Not Here to Amuse Us, Colltalers
Animal welfare organizations are celebrating this week’s decision by the U.K. to ban the use of wild animals in circuses, effective at the end of next year. England thus officially becomes the 10th country to do it so, following a mixed bag of nations with hardly anything in common.
Some, as the Netherlands, had done it as early as 2008, while others, like Bolivia, Peru, Colombia, Paraguay, Slovenia, Greece and Cyprus, only prove that no nation needs to be in the now reduced G7 bloc, or even have a booming economy, to take sensible steps towards animal well being.
The ‘dark horse’ of this list is China, which despite having shown tolerance to widespread animal abuse and cruel practices, surprised the world three years ago by enacting a ban. Critics say that, unlike rules preventing government criticism, for instance, such ban is hardly enforced.
That doesn’t undermine the fact that even within an authoritarian regime, animal welfare is still a cause worth debating even by those who do not consider it to be of the same gravity as human rights violations and free expression, to name but two other serious issues.
In fact, how we treat animals in itself is a not entirely separated issue from what we deem inherent qualities of being human. How we relate not just to other species, but to the natural world and the planet has the potential to inexorably tilt the needle towards the whole range of cruelties we associated with ‘the beast,’ and definitely away from our noble pursuits of equanimity and justice to all living beings. Which, in any case, is just an abstraction.
But we digress. The debate over why we use animals to our own entertainment is as offensive now as it used to be in Roman times, when the Caesars perceived its potential (as in Panis et Circenses) to divert the masses’ attention from their own misery, and thus keeping them content and satisfied.
It was certainly used before for similar purposes, but despite 20 centuries of civilization, the history of the modern circus is one of abject exploitation of the physically handicapped for entertainment, no moral consideration given, and that includes cruelty towards the most vulnerable, wild animals.
There seems to be a growing tide towards considering any kind of imprisonment and bounded conditions towards animals, with its implicit lack of consent, the same way we already view it if it’s being done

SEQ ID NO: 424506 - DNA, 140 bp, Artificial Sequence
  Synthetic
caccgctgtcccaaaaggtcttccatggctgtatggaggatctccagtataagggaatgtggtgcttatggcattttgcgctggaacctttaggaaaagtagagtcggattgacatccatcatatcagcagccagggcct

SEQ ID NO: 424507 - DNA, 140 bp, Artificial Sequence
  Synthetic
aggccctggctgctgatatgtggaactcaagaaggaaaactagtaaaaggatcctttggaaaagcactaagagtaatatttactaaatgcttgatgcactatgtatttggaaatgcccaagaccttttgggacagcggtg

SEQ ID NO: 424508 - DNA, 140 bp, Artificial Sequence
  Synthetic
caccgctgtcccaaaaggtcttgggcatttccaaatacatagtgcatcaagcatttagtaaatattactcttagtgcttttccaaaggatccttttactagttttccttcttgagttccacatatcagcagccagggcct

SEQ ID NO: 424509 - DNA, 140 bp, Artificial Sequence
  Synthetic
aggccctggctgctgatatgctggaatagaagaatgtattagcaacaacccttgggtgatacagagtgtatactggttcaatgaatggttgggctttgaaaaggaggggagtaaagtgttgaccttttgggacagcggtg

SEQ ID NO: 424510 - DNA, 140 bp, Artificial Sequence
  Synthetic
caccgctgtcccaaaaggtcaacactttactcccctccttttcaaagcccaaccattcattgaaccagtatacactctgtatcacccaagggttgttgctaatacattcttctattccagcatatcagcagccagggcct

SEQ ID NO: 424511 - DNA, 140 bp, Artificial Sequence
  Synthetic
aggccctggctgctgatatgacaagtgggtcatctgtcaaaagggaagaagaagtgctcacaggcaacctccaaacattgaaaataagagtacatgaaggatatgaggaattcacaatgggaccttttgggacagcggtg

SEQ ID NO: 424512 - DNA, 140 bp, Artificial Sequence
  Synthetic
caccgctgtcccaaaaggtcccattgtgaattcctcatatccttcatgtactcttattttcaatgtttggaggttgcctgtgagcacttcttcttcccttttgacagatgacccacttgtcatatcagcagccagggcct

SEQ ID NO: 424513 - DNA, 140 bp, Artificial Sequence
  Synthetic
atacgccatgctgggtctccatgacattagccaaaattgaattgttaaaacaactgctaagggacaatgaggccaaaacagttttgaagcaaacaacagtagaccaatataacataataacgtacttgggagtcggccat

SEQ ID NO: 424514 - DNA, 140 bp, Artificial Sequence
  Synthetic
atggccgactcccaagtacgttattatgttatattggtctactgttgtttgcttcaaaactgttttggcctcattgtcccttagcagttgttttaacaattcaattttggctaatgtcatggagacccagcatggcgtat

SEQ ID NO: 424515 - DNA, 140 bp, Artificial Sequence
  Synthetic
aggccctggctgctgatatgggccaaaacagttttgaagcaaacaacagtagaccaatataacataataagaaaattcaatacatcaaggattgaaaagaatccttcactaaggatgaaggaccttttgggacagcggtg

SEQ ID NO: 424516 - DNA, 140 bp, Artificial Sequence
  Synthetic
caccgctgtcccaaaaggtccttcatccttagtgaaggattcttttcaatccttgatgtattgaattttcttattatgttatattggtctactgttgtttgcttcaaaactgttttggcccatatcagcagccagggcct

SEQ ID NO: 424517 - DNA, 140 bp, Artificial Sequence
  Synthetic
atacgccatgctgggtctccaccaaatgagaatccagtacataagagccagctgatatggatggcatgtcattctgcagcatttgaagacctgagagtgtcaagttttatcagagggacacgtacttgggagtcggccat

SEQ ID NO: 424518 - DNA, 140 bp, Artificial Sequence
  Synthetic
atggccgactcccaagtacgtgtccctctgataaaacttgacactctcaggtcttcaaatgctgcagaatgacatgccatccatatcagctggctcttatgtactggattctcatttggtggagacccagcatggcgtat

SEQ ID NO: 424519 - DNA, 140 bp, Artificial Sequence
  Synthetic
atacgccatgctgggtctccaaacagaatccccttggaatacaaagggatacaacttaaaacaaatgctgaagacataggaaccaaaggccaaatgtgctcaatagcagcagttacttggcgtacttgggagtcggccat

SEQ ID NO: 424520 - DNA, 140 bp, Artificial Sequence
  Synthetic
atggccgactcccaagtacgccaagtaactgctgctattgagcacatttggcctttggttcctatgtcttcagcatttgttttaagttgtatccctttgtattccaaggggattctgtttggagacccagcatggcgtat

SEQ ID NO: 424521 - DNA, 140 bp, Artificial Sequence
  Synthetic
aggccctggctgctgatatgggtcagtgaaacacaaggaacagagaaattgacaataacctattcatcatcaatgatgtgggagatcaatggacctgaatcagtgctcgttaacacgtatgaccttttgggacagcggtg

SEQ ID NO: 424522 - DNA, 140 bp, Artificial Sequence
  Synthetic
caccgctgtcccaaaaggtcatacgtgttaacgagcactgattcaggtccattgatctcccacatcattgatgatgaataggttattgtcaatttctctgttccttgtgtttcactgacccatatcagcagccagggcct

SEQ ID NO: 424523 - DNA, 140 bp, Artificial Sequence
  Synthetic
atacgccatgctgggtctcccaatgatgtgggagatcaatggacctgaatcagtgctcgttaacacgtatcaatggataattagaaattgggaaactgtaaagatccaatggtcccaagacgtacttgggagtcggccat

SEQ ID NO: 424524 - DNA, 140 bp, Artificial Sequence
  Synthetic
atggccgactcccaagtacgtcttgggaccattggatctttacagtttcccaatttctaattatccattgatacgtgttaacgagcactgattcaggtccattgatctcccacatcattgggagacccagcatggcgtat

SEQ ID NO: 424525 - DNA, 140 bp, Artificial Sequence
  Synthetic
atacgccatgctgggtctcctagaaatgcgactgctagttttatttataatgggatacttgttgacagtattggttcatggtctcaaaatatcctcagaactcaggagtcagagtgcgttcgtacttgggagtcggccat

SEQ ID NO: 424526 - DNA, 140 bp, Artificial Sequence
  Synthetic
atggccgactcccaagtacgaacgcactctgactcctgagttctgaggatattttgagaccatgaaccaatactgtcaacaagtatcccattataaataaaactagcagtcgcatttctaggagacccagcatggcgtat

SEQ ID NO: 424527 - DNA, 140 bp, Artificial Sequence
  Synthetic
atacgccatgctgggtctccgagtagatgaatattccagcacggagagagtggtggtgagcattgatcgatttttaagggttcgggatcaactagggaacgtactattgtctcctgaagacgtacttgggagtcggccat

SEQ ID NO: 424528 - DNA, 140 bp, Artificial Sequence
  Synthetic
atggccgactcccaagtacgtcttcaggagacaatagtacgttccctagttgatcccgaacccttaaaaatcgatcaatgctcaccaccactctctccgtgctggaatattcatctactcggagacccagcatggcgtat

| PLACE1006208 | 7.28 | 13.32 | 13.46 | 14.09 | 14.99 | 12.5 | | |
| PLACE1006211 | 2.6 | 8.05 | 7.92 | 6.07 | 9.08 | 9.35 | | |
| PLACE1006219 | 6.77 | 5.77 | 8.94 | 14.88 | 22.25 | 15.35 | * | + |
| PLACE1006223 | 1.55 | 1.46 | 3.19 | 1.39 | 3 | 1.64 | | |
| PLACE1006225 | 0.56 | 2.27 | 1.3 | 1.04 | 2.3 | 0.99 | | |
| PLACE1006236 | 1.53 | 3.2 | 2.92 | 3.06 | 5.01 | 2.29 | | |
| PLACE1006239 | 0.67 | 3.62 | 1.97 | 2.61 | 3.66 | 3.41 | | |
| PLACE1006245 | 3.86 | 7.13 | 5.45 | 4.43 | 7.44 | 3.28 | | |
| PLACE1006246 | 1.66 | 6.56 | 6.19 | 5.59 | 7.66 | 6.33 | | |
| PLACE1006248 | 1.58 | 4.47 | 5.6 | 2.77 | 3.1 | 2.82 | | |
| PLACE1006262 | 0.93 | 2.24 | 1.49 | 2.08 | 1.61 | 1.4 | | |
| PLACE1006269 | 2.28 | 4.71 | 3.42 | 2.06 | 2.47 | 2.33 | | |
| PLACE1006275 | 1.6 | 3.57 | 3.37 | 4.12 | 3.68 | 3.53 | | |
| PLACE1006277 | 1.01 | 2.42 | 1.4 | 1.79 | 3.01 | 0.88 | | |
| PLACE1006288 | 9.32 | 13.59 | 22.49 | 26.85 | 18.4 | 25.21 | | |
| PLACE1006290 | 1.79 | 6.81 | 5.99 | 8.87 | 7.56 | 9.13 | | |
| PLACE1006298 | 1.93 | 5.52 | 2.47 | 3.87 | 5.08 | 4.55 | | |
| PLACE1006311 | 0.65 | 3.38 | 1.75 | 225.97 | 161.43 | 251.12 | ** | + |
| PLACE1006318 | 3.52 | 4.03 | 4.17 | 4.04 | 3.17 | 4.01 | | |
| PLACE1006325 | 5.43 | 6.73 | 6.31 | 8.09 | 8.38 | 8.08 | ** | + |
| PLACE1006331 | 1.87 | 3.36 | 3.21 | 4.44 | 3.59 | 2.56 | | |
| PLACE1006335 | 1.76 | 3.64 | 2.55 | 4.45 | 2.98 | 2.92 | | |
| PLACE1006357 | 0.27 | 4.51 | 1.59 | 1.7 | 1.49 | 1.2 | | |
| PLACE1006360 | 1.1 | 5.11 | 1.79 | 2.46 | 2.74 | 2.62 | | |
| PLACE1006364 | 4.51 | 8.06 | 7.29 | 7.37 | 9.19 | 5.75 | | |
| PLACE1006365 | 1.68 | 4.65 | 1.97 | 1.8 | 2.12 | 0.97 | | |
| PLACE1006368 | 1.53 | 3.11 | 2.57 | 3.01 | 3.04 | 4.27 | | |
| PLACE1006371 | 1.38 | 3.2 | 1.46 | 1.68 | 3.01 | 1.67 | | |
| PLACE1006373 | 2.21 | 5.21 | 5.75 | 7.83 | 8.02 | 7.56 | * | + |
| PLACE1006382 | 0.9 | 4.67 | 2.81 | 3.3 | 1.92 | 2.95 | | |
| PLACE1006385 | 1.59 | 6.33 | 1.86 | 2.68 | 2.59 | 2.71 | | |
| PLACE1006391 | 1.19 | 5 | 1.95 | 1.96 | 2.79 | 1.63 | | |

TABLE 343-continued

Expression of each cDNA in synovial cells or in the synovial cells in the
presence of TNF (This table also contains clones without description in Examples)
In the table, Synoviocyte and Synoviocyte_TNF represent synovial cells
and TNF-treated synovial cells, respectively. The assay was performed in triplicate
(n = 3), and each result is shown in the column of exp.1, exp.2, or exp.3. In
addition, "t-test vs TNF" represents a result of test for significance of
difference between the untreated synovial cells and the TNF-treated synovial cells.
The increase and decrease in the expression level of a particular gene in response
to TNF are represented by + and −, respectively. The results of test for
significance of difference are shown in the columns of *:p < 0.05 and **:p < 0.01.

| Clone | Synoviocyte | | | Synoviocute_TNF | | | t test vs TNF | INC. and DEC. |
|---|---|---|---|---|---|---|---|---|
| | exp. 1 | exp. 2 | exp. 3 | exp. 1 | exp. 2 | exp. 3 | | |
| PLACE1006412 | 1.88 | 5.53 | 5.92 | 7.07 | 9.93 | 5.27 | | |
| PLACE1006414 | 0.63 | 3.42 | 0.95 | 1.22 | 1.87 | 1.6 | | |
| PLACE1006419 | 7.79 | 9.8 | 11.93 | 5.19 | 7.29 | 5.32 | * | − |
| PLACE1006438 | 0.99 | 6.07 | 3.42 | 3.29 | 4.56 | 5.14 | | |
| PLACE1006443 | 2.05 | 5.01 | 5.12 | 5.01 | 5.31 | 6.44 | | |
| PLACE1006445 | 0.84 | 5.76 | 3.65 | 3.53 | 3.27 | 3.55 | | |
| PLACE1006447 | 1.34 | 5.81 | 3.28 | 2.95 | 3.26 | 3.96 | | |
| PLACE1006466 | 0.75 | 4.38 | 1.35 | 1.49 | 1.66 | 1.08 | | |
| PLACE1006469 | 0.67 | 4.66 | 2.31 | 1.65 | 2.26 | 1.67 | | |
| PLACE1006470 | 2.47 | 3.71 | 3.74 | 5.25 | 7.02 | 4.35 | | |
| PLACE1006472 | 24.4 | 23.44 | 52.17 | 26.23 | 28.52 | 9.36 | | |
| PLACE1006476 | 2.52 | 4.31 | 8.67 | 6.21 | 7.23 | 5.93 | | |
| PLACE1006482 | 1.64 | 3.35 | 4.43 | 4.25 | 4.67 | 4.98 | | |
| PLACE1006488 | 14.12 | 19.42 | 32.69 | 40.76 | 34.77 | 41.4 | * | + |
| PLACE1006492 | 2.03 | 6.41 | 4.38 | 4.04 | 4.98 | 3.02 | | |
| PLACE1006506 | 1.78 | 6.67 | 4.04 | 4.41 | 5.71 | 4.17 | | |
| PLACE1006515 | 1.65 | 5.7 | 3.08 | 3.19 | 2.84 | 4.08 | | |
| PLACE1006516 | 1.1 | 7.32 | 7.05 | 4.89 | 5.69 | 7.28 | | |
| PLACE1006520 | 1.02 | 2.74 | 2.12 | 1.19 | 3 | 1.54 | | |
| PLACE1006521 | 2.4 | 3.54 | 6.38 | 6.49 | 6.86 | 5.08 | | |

towards one of our own. And we even have a name for it: torture, pure and simple.
But if there’s indeed such a trend, we may be still on its early stages, and progress has been as slow and full of backlashes, as what it took for ending slavery, for example, all puns intended. Running out of excuses, defenders are prone to invoke the argument about ‘the kids’ and the ‘science.’
It goes like this: city kids have rarely an opportunity to come in touch with wild beasts, apart from circuses and zoos (we’ll get to that in a minute), thus it’s justifiable to ‘expose’ them under a tent, performing stupid tricks to our amusement. It’s neither about kids nor about science, of course.
Circus animals have little left of their true nature, and what they undergo in order to ‘perform’ is something that even kids know it’s associated with banned medieval practices of containment. At the end of the day, it’s doubtful that anyone would continue supporting it if they’d know about them.
Talking about cities, a parallel movement to ban horse-drawn carriages has been taking hold for a while too, but at a much smaller pace than the accidents, and resulting victimization of the animals, that they cause, and with as many rocks on the way as the cobblestones that punish their hooves.
Actually, to say that they cause accidents is a gross misinterpretation, as if it’s not obvious that introducing a slow-moving vehicle pulled by a fully restrained animal, in the middle of some of biggest concentrations of speeding cars on earth, wouldn’t itself be an irreconcilable problem.
Opponents of such a brutal practice, that keeps causing horse fatalities and mishaps, thought they had a champion in New York City’s new Mayor Bill de Blasio, who was elected on a platform supporting a ban on horse carriages. But, wouldn’t you know it? they were very wrong.
The mayor has postponed any decision on the matter to ‘later in the year’ (which can be read as, perhaps never), failing to recognize an opportunity to give his city a leadership role in an issue that seems to have the approval of all but one resident: Irish action hero actor Liam Neeson.
Despite similar movements to ban, or prevent from starting, horse-drawn carriage attractions in some cities of his native country, Neeson has been on record defending the tiny community of carriage drivers. Many a worthier cause wish they had these two heavy-weight champions on their side.